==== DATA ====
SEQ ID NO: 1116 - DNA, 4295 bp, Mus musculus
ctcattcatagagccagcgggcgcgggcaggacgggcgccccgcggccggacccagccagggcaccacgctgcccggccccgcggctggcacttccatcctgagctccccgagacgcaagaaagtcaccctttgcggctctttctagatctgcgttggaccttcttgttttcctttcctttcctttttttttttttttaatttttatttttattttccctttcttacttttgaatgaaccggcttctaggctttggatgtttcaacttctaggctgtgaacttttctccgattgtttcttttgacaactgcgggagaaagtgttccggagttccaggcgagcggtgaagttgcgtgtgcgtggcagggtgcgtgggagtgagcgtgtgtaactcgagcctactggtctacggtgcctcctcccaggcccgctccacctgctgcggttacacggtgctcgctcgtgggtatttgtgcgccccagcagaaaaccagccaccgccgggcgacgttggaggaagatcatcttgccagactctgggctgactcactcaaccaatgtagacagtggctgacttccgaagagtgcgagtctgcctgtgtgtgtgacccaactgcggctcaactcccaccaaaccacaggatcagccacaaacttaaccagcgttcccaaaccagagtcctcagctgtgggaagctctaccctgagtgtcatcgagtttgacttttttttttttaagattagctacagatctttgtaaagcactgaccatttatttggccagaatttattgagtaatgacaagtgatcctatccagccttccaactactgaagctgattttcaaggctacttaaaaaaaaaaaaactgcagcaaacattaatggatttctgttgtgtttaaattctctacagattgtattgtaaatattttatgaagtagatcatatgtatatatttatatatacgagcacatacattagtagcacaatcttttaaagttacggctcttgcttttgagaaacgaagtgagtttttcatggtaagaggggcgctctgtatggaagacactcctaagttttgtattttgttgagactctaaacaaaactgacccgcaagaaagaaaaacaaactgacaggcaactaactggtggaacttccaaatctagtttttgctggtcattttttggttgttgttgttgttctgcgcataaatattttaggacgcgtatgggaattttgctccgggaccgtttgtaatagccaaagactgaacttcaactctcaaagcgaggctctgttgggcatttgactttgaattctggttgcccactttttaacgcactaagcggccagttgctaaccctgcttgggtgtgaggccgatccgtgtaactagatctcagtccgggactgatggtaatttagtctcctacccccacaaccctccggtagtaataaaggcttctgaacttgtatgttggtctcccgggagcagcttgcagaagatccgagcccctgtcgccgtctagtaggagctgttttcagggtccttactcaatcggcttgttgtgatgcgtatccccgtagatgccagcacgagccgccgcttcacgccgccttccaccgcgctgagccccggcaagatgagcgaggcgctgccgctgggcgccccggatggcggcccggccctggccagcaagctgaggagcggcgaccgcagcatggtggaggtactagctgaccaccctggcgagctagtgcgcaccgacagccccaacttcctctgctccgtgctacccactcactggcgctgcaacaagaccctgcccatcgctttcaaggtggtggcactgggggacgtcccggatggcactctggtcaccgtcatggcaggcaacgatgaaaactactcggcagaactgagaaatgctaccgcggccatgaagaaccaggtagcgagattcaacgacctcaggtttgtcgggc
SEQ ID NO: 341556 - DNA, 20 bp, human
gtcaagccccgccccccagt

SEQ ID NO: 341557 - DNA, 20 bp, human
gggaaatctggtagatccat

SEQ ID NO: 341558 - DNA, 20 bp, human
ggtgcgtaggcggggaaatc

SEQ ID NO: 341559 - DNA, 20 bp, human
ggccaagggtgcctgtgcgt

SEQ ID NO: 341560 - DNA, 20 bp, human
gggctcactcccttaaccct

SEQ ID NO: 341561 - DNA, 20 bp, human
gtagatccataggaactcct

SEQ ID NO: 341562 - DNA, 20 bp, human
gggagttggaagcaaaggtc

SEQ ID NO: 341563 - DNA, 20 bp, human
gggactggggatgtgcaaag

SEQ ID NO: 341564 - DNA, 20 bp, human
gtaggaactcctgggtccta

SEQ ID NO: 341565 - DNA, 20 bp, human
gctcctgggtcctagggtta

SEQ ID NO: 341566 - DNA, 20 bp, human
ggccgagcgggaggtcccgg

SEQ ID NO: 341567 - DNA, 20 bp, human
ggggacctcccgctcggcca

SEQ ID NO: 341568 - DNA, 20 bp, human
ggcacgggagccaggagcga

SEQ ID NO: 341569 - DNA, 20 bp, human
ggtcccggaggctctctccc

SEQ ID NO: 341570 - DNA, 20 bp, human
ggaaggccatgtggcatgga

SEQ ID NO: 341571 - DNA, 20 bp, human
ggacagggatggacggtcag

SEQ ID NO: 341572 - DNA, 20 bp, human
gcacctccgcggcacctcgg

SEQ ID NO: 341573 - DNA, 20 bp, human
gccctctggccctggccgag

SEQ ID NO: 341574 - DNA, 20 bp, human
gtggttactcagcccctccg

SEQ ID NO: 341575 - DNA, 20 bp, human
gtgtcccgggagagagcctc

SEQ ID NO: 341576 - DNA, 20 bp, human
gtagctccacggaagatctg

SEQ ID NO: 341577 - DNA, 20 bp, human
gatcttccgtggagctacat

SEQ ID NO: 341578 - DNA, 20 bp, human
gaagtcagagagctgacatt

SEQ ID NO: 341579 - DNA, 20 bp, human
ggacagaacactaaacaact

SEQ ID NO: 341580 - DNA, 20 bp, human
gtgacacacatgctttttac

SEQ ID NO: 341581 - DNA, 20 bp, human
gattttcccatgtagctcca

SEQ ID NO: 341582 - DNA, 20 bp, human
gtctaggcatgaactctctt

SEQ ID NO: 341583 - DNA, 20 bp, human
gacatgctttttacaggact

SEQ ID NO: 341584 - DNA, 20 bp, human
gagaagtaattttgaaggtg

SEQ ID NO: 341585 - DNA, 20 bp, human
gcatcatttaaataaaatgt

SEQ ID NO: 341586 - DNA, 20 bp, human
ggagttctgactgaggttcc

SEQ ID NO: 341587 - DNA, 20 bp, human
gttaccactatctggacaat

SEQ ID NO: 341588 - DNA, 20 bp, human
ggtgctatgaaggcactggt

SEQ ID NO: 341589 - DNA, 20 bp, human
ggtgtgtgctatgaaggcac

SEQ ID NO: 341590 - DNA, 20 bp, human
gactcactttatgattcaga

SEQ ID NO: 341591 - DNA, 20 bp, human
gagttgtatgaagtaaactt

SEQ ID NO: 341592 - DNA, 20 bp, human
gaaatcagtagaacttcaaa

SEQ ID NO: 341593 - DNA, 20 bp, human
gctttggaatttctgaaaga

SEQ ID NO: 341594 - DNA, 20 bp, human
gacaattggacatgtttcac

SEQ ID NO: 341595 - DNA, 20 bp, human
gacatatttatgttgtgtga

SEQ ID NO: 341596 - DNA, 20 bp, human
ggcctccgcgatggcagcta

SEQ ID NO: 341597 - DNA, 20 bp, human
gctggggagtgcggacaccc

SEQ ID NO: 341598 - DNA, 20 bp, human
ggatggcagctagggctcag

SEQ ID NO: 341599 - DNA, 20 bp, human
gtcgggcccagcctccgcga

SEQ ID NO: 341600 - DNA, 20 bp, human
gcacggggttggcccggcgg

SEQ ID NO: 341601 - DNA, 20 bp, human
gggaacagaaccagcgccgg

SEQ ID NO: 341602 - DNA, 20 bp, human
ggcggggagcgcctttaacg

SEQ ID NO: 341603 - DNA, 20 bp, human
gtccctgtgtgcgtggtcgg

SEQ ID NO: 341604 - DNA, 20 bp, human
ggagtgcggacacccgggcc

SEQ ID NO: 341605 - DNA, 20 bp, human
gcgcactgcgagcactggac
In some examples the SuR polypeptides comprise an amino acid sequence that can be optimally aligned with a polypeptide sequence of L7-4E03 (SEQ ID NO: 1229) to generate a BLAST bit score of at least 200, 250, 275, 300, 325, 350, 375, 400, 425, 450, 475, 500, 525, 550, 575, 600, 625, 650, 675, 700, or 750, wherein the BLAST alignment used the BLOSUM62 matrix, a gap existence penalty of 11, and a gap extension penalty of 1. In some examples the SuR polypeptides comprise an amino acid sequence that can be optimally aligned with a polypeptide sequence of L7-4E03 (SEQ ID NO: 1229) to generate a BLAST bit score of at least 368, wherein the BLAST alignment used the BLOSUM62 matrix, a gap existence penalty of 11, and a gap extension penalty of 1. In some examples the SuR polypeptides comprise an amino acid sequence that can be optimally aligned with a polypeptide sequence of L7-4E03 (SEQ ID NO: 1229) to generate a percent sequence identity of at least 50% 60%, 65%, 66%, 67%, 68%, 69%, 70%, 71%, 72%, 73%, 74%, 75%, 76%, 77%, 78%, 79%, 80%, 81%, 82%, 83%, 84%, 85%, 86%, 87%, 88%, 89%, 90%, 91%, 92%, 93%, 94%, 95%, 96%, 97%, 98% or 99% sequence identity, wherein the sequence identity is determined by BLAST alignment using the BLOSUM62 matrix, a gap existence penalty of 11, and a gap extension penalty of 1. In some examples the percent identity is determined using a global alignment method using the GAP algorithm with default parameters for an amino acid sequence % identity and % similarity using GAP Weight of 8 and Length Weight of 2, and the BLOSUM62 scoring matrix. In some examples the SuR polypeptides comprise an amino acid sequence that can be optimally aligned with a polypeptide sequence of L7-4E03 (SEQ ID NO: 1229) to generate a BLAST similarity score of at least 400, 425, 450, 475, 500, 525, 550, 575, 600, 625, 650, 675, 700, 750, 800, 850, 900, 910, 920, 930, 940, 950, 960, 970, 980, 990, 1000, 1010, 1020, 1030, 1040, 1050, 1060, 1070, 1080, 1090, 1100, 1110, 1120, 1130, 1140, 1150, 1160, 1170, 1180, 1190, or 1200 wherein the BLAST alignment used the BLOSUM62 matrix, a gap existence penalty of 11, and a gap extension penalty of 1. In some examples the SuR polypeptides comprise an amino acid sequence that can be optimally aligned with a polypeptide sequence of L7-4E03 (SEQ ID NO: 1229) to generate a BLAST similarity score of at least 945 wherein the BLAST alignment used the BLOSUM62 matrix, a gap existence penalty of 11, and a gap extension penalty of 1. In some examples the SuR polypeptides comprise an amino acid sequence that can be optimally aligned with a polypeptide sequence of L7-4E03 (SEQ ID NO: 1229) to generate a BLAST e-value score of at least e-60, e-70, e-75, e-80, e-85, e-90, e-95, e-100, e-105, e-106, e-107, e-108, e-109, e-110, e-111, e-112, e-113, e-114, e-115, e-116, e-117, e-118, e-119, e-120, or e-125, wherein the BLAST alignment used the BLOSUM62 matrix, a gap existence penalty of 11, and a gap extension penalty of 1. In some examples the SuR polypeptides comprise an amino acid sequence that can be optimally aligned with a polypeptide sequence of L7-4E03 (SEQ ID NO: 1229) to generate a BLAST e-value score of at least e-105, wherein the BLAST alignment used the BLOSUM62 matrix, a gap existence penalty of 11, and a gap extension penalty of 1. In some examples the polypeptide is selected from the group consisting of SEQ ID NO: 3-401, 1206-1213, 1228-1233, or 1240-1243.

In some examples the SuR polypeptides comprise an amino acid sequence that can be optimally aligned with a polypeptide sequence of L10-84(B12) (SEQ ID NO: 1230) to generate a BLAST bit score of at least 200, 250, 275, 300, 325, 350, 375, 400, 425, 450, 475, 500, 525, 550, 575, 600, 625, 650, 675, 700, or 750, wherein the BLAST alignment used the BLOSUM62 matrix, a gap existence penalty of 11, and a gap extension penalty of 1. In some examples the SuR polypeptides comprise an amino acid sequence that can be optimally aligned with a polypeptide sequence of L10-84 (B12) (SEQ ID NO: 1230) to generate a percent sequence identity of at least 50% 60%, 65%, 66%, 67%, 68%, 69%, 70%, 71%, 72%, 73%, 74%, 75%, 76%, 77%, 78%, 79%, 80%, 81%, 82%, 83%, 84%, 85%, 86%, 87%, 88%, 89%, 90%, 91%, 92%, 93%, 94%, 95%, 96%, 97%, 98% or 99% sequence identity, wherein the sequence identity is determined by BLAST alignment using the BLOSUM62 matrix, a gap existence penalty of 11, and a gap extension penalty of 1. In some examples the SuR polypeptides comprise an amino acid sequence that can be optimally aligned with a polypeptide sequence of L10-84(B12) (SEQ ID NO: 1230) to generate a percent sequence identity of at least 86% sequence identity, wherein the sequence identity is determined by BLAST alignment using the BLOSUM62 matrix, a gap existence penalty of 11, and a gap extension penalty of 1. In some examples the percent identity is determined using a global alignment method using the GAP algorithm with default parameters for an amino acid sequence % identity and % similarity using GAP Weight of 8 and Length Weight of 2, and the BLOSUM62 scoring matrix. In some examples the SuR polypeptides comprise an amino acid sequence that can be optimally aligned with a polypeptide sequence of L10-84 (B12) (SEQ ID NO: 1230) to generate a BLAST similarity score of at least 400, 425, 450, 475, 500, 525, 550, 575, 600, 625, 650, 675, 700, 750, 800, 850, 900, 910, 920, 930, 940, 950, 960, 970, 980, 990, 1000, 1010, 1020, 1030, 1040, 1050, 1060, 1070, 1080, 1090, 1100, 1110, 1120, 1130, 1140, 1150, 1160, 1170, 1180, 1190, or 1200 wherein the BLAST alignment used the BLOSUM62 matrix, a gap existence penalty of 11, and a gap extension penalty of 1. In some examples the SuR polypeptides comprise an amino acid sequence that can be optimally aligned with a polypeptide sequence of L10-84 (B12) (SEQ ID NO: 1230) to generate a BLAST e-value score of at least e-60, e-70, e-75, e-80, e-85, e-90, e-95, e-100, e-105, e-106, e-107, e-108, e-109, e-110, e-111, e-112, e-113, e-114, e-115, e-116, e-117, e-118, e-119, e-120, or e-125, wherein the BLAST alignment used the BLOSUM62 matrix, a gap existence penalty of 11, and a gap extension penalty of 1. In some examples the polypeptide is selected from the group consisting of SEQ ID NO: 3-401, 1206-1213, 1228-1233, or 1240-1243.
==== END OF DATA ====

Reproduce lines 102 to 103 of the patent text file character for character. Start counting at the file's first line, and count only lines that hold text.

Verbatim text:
gcgcactgcgagcactggac
In some examples the SuR polypeptides comprise an amino acid sequence that can be optimally aligned with a polypeptide sequence of L7-4E03 (SEQ ID NO: 1229) to generate a BLAST bit score of at least 200, 250, 275, 300, 325, 350, 375, 400, 425, 450, 475, 500, 525, 550, 575, 600, 625, 650, 675, 700, or 750, wherein the BLAST alignment used the BLOSUM62 matrix, a gap existence penalty of 11, and a gap extension penalty of 1. In some examples the SuR polypeptides comprise an amino acid sequence that can be optimally aligned with a polypeptide sequence of L7-4E03 (SEQ ID NO: 1229) to generate a BLAST bit score of at least 368, wherein the BLAST alignment used the BLOSUM62 matrix, a gap existence penalty of 11, and a gap extension penalty of 1. In some examples the SuR polypeptides comprise an amino acid sequence that can be optimally aligned with a polypeptide sequence of L7-4E03 (SEQ ID NO: 1229) to generate a percent sequence identity of at least 50% 60%, 65%, 66%, 67%, 68%, 69%, 70%, 71%, 72%, 73%, 74%, 75%, 76%, 77%, 78%, 79%, 80%, 81%, 82%, 83%, 84%, 85%, 86%, 87%, 88%, 89%, 90%, 91%, 92%, 93%, 94%, 95%, 96%, 97%, 98% or 99% sequence identity, wherein the sequence identity is determined by BLAST alignment using the BLOSUM62 matrix, a gap existence penalty of 11, and a gap extension penalty of 1. In some examples the percent identity is determined using a global alignment method using the GAP algorithm with default parameters for an amino acid sequence % identity and % similarity using GAP Weight of 8 and Length Weight of 2, and the BLOSUM62 scoring matrix. In some examples the SuR polypeptides comprise an amino acid sequence that can be optimally aligned with a polypeptide sequence of L7-4E03 (SEQ ID NO: 1229) to generate a BLAST similarity score of at least 400, 425, 450, 475, 500, 525, 550, 575, 600, 625, 650, 675, 700, 750, 800, 850, 900, 910, 920, 930, 940, 950, 960, 970, 980, 990, 1000, 1010, 1020, 1030, 1040, 1050, 1060, 1070, 1080, 1090, 1100, 1110, 1120, 1130, 1140, 1150, 1160, 1170, 1180, 1190, or 1200 wherein the BLAST alignment used the BLOSUM62 matrix, a gap existence penalty of 11, and a gap extension penalty of 1. In some examples the SuR polypeptides comprise an amino acid sequence that can be optimally aligned with a polypeptide sequence of L7-4E03 (SEQ ID NO: 1229) to generate a BLAST similarity score of at least 945 wherein the BLAST alignment used the BLOSUM62 matrix, a gap existence penalty of 11, and a gap extension penalty of 1. In some examples the SuR polypeptides comprise an amino acid sequence that can be optimally aligned with a polypeptide sequence of L7-4E03 (SEQ ID NO: 1229) to generate a BLAST e-value score of at least e-60, e-70, e-75, e-80, e-85, e-90, e-95, e-100, e-105, e-106, e-107, e-108, e-109, e-110, e-111, e-112, e-113, e-114, e-115, e-116, e-117, e-118, e-119, e-120, or e-125, wherein the BLAST alignment used the BLOSUM62 matrix, a gap existence penalty of 11, and a gap extension penalty of 1. In some examples the SuR polypeptides comprise an amino acid sequence that can be optimally aligned with a polypeptide sequence of L7-4E03 (SEQ ID NO: 1229) to generate a BLAST e-value score of at least e-105, wherein the BLAST alignment used the BLOSUM62 matrix, a gap existence penalty of 11, and a gap extension penalty of 1. In some examples the polypeptide is selected from the group consisting of SEQ ID NO: 3-401, 1206-1213, 1228-1233, or 1240-1243.